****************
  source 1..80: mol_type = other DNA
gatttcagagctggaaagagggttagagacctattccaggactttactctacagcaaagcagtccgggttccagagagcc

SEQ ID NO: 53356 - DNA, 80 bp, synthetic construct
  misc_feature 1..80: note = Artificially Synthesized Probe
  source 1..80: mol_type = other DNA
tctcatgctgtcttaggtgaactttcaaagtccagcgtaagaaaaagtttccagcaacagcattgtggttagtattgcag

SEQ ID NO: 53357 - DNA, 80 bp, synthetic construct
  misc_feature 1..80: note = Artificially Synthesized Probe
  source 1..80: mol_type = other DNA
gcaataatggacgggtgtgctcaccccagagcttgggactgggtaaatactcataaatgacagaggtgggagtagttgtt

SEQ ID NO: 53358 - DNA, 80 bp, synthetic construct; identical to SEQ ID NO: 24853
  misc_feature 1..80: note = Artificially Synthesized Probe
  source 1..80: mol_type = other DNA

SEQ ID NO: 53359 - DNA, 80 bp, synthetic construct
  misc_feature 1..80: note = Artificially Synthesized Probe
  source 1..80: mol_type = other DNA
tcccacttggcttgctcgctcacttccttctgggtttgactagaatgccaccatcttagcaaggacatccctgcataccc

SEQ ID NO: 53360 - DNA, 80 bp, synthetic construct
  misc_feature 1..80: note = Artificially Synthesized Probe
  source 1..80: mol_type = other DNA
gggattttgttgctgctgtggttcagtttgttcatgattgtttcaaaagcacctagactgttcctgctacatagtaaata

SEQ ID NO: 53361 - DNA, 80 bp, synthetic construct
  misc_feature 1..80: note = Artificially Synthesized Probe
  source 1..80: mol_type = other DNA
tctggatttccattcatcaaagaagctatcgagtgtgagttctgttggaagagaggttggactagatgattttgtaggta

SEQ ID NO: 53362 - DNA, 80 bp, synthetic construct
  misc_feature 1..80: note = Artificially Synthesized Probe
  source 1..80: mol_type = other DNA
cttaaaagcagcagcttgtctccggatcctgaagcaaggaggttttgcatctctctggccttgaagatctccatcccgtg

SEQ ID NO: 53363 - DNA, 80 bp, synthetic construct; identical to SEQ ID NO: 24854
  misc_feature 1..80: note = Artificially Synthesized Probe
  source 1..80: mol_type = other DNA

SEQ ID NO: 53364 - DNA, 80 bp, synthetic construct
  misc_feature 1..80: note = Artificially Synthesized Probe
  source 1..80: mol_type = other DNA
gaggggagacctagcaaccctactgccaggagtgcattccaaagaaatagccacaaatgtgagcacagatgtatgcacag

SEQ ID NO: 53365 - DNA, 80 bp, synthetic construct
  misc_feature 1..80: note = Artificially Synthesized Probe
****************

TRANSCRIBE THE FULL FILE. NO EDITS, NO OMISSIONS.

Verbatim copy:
  source 1..80: mol_type = other DNA
gatttcagagctggaaagagggttagagacctattccaggactttactctacagcaaagcagtccgggttccagagagcc

SEQ ID NO: 53356 - DNA, 80 bp, synthetic construct
  misc_feature 1..80: note = Artificially Synthesized Probe
  source 1..80: mol_type = other DNA
tctcatgctgtcttaggtgaactttcaaagtccagcgtaagaaaaagtttccagcaacagcattgtggttagtattgcag

SEQ ID NO: 53357 - DNA, 80 bp, synthetic construct
  misc_feature 1..80: note = Artificially Synthesized Probe
  source 1..80: mol_type = other DNA
gcaataatggacgggtgtgctcaccccagagcttgggactgggtaaatactcataaatgacagaggtgggagtagttgtt

SEQ ID NO: 53358 - DNA, 80 bp, synthetic construct; identical to SEQ ID NO: 24853
  misc_feature 1..80: note = Artificially Synthesized Probe
  source 1..80: mol_type = other DNA

SEQ ID NO: 53359 - DNA, 80 bp, synthetic construct
  misc_feature 1..80: note = Artificially Synthesized Probe
  source 1..80: mol_type = other DNA
tcccacttggcttgctcgctcacttccttctgggtttgactagaatgccaccatcttagcaaggacatccctgcataccc

SEQ ID NO: 53360 - DNA, 80 bp, synthetic construct
  misc_feature 1..80: note = Artificially Synthesized Probe
  source 1..80: mol_type = other DNA
gggattttgttgctgctgtggttcagtttgttcatgattgtttcaaaagcacctagactgttcctgctacatagtaaata

SEQ ID NO: 53361 - DNA, 80 bp, synthetic construct
  misc_feature 1..80: note = Artificially Synthesized Probe
  source 1..80: mol_type = other DNA
tctggatttccattcatcaaagaagctatcgagtgtgagttctgttggaagagaggttggactagatgattttgtaggta

SEQ ID NO: 53362 - DNA, 80 bp, synthetic construct
  misc_feature 1..80: note = Artificially Synthesized Probe
  source 1..80: mol_type = other DNA
cttaaaagcagcagcttgtctccggatcctgaagcaaggaggttttgcatctctctggccttgaagatctccatcccgtg

SEQ ID NO: 53363 - DNA, 80 bp, synthetic construct; identical to SEQ ID NO: 24854
  misc_feature 1..80: note = Artificially Synthesized Probe
  source 1..80: mol_type = other DNA

SEQ ID NO: 53364 - DNA, 80 bp, synthetic construct
  misc_feature 1..80: note = Artificially Synthesized Probe
  source 1..80: mol_type = other DNA
gaggggagacctagcaaccctactgccaggagtgcattccaaagaaatagccacaaatgtgagcacagatgtatgcacag

SEQ ID NO: 53365 - DNA, 80 bp, synthetic construct
  misc_feature 1..80: note = Artificially Synthesized Probe